Friday, September 4, 2015

Midwest Farmers Fear Chesapeake Bay Style EPA Regs

EPA Looking Closely at Ag
Federal action could be on the horizon if high nutrient levels continue to show up in ditches, rivers and streams that make up the Western Lake Erie Basin.

While Indiana is making progress to reduce runoff of nitrogen and phosphorus, one agriculture official warned that "the long arm of the EPA" could come down in a big way if nothing is done to stop the current trend.

While there are many possible causes for the high nitrogen and phosphorus levels in the watershed, Ted McKinney, director of the Indiana State Department of Agriculture, said EPA is looking very closely at agriculture.
The other major cause being sewage, either from waste water treatment plants from cities and  septic systems in more rural and suburban areas.
He urged farmers to adopt conservation practices like cover crops, filter strips and grass swales, in an effort to improve water quality in the region.

"Let's get after that in a major way, or we're going to have our head handed to us," he said, speaking to farmers last Thursday during the annual Northeast Purdue Ag Center Field Day in Columbia City.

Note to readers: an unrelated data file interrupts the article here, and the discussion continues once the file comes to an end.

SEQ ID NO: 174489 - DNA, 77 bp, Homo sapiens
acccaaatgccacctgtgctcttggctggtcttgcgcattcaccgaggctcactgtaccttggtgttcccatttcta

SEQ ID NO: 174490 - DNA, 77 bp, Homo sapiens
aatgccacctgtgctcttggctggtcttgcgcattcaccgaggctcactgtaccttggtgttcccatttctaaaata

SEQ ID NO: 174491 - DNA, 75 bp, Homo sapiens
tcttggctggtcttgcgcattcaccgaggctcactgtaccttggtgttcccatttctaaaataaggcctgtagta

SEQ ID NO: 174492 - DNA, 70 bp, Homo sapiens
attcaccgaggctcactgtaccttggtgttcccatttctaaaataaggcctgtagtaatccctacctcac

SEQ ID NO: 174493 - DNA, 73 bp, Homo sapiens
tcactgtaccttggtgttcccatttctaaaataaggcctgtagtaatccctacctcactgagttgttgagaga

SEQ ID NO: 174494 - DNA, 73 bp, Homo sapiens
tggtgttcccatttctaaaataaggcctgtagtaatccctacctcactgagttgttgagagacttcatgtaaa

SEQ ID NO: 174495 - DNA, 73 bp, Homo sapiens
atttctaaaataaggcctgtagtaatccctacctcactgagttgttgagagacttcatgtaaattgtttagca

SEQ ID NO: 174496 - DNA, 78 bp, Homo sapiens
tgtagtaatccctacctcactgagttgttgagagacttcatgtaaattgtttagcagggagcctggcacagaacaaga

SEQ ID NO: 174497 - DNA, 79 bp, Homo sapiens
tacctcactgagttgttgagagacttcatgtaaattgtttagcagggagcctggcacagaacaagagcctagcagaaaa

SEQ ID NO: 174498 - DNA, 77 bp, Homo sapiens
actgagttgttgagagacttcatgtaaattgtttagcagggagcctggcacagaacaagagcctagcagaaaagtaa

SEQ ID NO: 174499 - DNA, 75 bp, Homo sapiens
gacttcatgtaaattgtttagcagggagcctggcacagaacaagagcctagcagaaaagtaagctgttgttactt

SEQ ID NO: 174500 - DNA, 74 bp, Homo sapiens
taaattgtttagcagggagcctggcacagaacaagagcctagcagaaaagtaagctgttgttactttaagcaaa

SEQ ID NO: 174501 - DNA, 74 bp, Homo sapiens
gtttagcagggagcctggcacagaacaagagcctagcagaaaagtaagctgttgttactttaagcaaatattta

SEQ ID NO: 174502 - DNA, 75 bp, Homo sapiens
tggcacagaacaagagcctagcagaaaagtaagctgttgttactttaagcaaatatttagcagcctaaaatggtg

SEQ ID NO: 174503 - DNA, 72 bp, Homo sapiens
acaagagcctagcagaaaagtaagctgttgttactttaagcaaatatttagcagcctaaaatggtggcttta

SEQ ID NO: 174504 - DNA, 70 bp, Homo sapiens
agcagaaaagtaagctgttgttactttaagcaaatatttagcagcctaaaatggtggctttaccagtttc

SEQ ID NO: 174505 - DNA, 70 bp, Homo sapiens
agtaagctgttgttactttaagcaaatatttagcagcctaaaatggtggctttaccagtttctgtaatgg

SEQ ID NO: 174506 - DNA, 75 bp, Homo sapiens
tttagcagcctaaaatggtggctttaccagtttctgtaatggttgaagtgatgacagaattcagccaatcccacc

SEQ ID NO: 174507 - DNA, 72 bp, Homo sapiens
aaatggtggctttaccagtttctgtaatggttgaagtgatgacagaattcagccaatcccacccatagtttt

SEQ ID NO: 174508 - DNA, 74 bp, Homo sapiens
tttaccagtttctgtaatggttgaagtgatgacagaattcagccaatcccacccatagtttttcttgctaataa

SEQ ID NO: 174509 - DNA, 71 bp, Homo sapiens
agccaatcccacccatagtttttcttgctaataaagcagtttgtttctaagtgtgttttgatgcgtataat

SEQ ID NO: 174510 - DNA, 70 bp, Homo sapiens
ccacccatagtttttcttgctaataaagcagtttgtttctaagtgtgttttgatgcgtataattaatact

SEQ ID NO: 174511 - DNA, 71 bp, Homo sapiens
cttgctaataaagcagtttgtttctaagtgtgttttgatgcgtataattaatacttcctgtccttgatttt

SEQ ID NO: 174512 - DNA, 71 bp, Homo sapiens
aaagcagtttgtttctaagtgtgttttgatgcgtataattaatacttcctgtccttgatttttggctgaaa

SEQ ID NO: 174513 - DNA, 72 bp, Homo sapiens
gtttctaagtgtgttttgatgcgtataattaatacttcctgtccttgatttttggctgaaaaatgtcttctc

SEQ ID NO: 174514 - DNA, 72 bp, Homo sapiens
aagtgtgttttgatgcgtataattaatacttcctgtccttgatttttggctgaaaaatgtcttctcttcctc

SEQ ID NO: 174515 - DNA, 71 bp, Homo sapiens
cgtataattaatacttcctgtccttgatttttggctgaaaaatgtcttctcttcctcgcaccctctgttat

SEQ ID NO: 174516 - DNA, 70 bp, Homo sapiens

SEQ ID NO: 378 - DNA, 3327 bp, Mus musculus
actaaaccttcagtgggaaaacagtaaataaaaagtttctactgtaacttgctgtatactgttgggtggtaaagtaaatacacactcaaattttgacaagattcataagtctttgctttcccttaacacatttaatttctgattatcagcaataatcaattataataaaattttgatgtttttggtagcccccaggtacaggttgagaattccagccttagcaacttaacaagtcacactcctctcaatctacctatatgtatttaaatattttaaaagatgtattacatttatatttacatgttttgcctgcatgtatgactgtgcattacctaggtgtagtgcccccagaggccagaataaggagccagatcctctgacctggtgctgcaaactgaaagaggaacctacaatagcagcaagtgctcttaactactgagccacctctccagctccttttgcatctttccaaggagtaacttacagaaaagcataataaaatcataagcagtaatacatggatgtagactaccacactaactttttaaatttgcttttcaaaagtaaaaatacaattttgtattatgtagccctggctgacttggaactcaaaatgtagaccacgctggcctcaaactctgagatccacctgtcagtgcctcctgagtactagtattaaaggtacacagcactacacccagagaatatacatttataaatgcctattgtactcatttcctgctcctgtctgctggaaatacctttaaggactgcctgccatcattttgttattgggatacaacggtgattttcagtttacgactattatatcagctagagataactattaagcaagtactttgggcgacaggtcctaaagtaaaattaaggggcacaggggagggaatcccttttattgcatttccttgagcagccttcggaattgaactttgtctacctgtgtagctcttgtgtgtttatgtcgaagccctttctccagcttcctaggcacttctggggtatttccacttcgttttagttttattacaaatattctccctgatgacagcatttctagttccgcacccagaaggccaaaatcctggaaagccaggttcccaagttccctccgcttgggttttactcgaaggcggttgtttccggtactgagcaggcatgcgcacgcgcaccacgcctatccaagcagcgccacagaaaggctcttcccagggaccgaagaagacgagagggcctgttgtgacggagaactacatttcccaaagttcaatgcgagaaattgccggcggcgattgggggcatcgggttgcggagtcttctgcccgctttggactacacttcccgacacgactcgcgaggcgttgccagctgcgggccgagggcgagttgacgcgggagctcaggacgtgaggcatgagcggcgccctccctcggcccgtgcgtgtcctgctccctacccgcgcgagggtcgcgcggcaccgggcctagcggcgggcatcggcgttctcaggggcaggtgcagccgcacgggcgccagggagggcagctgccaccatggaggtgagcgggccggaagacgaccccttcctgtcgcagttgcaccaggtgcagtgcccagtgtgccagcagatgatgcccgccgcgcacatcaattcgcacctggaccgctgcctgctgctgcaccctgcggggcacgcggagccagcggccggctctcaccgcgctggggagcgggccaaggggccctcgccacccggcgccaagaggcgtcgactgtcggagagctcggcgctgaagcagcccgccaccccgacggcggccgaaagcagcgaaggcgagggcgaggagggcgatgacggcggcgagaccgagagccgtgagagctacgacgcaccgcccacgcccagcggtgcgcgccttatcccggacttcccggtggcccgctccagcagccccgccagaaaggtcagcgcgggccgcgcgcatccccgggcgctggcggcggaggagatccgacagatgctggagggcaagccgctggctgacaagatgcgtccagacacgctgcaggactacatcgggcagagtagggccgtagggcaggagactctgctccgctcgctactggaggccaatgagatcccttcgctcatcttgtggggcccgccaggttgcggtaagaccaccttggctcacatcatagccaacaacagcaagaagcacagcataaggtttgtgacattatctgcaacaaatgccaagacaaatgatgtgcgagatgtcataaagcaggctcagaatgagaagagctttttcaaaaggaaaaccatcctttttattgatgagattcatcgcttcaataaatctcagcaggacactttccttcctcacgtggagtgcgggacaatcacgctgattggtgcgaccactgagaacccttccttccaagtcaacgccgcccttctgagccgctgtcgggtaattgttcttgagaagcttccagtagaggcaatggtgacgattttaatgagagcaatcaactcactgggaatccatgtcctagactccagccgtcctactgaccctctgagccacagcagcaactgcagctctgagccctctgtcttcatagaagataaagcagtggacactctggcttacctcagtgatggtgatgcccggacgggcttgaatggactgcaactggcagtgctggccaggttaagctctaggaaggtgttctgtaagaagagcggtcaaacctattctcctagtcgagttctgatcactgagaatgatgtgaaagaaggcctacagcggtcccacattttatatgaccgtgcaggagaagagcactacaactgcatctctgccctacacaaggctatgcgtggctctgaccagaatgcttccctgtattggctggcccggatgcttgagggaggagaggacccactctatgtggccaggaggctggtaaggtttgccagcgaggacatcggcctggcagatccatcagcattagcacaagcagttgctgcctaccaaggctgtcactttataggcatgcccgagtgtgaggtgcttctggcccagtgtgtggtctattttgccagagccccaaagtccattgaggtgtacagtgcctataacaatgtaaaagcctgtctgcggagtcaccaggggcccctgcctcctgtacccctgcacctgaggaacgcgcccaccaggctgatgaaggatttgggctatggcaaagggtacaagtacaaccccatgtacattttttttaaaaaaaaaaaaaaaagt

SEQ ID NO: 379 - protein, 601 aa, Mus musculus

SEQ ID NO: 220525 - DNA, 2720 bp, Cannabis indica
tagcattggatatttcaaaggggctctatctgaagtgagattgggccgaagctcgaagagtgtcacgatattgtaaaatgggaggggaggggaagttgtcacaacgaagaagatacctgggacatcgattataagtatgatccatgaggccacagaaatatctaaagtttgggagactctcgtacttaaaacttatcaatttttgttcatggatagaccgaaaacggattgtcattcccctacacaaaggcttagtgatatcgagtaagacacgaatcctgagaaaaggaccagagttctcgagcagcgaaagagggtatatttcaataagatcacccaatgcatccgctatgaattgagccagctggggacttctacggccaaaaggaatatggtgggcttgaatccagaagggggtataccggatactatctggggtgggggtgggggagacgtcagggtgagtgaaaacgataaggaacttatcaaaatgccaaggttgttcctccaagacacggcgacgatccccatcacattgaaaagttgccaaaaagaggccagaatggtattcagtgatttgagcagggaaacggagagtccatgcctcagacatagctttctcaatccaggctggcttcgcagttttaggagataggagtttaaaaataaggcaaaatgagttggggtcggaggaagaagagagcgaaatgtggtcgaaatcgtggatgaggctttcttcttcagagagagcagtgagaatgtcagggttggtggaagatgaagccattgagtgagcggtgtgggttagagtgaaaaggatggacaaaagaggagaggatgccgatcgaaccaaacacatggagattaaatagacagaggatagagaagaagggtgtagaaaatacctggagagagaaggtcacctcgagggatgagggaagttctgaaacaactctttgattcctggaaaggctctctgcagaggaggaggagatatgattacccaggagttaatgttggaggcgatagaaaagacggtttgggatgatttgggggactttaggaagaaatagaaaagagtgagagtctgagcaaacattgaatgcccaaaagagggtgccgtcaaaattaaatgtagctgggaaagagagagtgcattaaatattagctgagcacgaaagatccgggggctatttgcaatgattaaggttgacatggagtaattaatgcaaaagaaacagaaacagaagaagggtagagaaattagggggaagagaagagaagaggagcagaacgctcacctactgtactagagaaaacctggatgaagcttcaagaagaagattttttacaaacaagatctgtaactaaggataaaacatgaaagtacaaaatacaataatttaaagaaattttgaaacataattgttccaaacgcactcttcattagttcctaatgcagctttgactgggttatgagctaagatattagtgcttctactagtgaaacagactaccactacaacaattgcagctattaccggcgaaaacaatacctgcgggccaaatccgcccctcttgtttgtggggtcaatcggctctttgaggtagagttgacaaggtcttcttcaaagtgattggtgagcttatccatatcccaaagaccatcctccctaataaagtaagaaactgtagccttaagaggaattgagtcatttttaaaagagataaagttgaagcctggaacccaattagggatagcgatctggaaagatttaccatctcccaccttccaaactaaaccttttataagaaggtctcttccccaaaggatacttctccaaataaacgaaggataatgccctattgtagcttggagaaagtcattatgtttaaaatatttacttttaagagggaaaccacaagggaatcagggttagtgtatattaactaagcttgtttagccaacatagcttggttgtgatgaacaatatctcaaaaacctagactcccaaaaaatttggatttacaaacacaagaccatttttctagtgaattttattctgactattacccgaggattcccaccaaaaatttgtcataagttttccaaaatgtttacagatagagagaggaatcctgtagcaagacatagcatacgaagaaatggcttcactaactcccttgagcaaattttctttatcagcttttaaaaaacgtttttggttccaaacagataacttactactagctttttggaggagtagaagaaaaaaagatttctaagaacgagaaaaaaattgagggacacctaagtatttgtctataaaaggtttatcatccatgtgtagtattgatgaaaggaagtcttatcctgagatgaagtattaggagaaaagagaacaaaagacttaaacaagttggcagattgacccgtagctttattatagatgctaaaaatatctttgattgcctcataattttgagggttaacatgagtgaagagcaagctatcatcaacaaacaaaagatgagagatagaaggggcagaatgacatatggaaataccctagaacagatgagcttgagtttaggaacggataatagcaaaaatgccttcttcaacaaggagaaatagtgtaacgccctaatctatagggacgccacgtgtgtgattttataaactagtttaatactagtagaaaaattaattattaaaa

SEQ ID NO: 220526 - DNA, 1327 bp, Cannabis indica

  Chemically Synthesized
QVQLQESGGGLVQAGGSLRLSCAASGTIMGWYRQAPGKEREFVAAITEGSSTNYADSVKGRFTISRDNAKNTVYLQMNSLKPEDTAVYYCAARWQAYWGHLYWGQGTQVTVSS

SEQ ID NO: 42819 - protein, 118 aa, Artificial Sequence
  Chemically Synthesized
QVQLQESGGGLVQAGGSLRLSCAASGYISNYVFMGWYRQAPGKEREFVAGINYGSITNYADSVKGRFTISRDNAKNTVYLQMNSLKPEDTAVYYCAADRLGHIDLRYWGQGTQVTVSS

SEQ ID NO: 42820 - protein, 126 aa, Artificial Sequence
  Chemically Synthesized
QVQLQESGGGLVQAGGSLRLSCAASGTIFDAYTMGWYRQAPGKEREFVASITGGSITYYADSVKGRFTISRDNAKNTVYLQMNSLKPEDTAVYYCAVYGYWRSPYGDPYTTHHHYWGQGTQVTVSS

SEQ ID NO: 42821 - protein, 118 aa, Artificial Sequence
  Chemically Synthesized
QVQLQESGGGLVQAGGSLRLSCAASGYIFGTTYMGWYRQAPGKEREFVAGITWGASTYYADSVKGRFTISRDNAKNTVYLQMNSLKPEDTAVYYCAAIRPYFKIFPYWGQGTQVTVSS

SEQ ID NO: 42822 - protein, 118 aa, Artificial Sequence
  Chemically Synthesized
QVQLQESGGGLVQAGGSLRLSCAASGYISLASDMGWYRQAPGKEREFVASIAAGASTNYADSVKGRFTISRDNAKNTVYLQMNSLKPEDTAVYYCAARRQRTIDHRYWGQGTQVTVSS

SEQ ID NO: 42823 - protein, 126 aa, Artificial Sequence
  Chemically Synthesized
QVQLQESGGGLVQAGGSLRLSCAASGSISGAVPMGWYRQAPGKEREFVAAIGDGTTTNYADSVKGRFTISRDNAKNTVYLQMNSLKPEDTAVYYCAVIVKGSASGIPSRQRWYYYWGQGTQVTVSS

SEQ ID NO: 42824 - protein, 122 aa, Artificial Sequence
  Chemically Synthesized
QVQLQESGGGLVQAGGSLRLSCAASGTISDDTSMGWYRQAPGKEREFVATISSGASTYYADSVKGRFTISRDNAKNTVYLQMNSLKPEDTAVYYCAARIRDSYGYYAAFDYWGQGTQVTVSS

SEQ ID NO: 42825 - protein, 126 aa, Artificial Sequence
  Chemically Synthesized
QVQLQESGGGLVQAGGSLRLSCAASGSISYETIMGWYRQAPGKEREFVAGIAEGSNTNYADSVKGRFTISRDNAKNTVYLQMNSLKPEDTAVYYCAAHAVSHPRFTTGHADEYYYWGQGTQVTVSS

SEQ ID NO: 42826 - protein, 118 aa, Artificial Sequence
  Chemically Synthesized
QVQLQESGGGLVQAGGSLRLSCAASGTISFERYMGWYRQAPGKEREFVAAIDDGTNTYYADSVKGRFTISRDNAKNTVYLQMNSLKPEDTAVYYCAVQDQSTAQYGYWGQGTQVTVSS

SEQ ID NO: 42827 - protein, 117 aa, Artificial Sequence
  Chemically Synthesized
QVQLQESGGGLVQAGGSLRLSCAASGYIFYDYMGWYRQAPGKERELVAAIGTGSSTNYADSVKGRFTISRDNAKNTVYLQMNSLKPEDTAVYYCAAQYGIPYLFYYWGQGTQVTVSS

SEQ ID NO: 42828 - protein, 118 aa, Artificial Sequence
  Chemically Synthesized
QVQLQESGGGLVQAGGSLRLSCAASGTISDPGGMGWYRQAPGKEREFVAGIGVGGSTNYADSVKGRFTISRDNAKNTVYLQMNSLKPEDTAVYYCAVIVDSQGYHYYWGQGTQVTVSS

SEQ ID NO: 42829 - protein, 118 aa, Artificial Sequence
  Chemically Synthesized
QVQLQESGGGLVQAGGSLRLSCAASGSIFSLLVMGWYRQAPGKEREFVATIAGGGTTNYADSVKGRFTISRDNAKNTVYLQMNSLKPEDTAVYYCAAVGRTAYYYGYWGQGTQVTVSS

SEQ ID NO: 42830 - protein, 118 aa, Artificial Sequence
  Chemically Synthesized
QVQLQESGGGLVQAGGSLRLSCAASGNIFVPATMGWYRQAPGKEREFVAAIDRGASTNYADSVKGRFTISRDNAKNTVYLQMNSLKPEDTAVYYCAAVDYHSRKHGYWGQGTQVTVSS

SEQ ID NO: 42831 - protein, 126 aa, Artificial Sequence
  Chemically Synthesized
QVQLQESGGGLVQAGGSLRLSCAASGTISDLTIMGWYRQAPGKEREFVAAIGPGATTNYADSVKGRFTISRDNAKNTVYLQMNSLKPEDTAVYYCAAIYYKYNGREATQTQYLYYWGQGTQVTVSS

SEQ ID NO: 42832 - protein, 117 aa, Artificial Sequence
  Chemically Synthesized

EPA is already regulating farming activity in the Chesapeake Bay region of Maryland. Crop farmers there face what's known as a TMDL, or Total Maximum Daily Load.

McKinney said a TMDL is a cap on the amount of nitrogen and phosphorus that can be applied to crop fields.

In the Chesapeake Bay watershed, the EPA tells farmers how much fertilizer they can use and when they can apply it.

McKinney said that's not how most farmers prefer to do business.

"We just missed, by a hair, the long arm of EPA putting a Total Maximum Daily Load on that Western Lake Erie Basin, which includes everything going up the Maumee (River)," he said.
You're right. It's coming. But getting ahead of it may not be optimal behavior. The EPA is not likely to give you credit for advances you take one your own; they're going to just take that as the baseline and demand greater cuts. That's how it worked in the Chesapeake.

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